The Modern Electric
The Modern Electric
I’d say I’m reviewing Cleveland veterans this week… but that’s not really true. With only one release floating through the musical atmosphere, The Modern Electric got it right the first time. They have the sound of a band that has FOUND their sound. (And you can hear this sound Sat 1/8 @ the Grog Shop.)
Pounding pianos, guitars and the raw vocals of Garret Komyati give The Modern Electric its unique sound. Cracks and coarse spots in the vocals show the heart of the song, expressing any emotion you might have missed in the lyrics. If you were to omit the words of the song “Ghost,” it still would convey a haunting sound and the frustration that the lyrics preach. The transitions in each song, melody changes, harmonies, back-up vocals, and purely knowing when to use and not use their instruments all are done smoothly, giving every song a personality and its own vibe.
It’s obvious from start to finish that this isn’t a band of one; each of the four-piece is talented and knows what he’s doing. Crescendos from their pounding instruments and aching vocals drop off to quiet reflections and modest exasperations. “You were built to break my heart; I was built to be ripped apart.” The songs are well crafted – the instruments are tailored to the vocals and vice versa.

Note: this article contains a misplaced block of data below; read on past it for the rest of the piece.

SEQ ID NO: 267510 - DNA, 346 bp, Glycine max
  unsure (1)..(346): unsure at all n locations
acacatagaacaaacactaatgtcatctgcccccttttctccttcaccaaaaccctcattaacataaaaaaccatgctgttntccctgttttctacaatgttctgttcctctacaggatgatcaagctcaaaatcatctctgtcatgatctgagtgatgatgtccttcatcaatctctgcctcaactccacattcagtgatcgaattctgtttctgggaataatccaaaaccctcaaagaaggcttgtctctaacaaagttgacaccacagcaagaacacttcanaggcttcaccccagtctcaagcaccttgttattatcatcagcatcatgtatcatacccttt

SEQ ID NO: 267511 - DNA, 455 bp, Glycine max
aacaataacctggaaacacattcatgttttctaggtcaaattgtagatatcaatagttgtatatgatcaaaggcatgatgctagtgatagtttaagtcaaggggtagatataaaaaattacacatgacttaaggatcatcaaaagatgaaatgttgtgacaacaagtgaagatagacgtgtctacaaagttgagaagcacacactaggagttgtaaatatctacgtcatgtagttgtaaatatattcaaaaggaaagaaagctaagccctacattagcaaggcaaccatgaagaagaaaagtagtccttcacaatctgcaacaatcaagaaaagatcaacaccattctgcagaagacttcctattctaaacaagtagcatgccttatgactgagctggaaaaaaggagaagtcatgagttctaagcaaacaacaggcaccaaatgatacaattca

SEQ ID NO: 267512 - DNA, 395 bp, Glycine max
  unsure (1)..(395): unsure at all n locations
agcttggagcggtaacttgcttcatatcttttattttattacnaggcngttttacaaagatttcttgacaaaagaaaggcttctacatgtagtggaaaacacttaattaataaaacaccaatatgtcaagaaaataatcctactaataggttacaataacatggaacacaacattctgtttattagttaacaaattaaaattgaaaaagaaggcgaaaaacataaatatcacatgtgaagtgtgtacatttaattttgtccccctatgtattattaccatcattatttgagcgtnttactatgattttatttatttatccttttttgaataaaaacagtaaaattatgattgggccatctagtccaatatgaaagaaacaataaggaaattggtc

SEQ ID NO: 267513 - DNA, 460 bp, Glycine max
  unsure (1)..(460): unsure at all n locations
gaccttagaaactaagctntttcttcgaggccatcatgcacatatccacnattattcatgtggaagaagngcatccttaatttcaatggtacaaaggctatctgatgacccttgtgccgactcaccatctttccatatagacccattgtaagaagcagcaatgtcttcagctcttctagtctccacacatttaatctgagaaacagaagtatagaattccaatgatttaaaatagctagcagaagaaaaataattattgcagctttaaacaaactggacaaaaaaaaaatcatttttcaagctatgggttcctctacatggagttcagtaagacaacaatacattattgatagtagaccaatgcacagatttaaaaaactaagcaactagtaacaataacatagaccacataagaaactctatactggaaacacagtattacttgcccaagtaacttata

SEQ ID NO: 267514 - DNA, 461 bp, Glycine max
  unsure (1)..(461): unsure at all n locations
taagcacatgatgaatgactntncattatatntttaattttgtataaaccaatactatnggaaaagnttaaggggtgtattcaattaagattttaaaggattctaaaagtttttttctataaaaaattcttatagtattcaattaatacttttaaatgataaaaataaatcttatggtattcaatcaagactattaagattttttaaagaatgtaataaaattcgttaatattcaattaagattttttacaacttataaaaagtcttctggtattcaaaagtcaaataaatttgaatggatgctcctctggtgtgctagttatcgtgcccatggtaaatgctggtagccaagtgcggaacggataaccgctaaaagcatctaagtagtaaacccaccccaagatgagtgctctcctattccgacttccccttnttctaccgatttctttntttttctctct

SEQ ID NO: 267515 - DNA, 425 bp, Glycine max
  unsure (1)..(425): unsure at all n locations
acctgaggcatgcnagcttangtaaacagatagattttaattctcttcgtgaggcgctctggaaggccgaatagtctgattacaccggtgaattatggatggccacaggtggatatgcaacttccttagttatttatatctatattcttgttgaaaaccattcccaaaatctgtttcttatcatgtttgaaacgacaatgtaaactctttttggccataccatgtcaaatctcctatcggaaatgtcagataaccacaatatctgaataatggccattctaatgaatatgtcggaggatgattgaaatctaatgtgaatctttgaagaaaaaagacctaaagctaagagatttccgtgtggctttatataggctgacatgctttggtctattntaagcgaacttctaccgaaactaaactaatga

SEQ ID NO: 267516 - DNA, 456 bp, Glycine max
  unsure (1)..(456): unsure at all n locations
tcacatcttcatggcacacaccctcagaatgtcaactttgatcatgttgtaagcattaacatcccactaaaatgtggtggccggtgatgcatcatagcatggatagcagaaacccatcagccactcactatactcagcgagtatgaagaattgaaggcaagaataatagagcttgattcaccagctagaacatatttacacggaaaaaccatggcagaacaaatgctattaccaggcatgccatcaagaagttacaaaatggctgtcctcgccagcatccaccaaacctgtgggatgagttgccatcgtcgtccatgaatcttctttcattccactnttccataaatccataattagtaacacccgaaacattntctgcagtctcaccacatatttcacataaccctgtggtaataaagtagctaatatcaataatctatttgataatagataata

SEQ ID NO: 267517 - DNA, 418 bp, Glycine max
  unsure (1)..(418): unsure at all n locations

Komyati has a talent for lyrics – they’re not ridden with clichés and on the other side of the spectrum, not laden with metaphors. Honest – at times almost candid – the lyrics don’t strike you as the words of a fictional character, a celebrity, or a stranger – just the words of Garret Komyati. However, some songs could do without the repetition of strands of lyrics, however well-written they might be. There’s the potential for a musical journey, but you sometimes settle for just a jaunt. “David Bowie (Save Us All)” is my example. The lyrics are great, clever, funny – Bowie references all over the place – but a lot of repetition. I love their writing and style, and want to hear more of it.
Moral of the story, here is an indie pop album at your fingertips. It is the work of Clevelanders and a sincere reflection of the Cleveland music scene and its capabilities. The entirety of the album was created in Cleveland, from writing, to production and mastering, to printing.
Turn off your background noise and check them out at MySpace.com/TheModernElectric. This should be enough to prepare you for a FREE performance on Sat 1/8 @ the Grog Shop with more Cleveland love from Afternoon Naps, Mike Uva & the Bad Eyes and Brian Straw. Having seen them live before, I’m going to vouch that you’ll love them.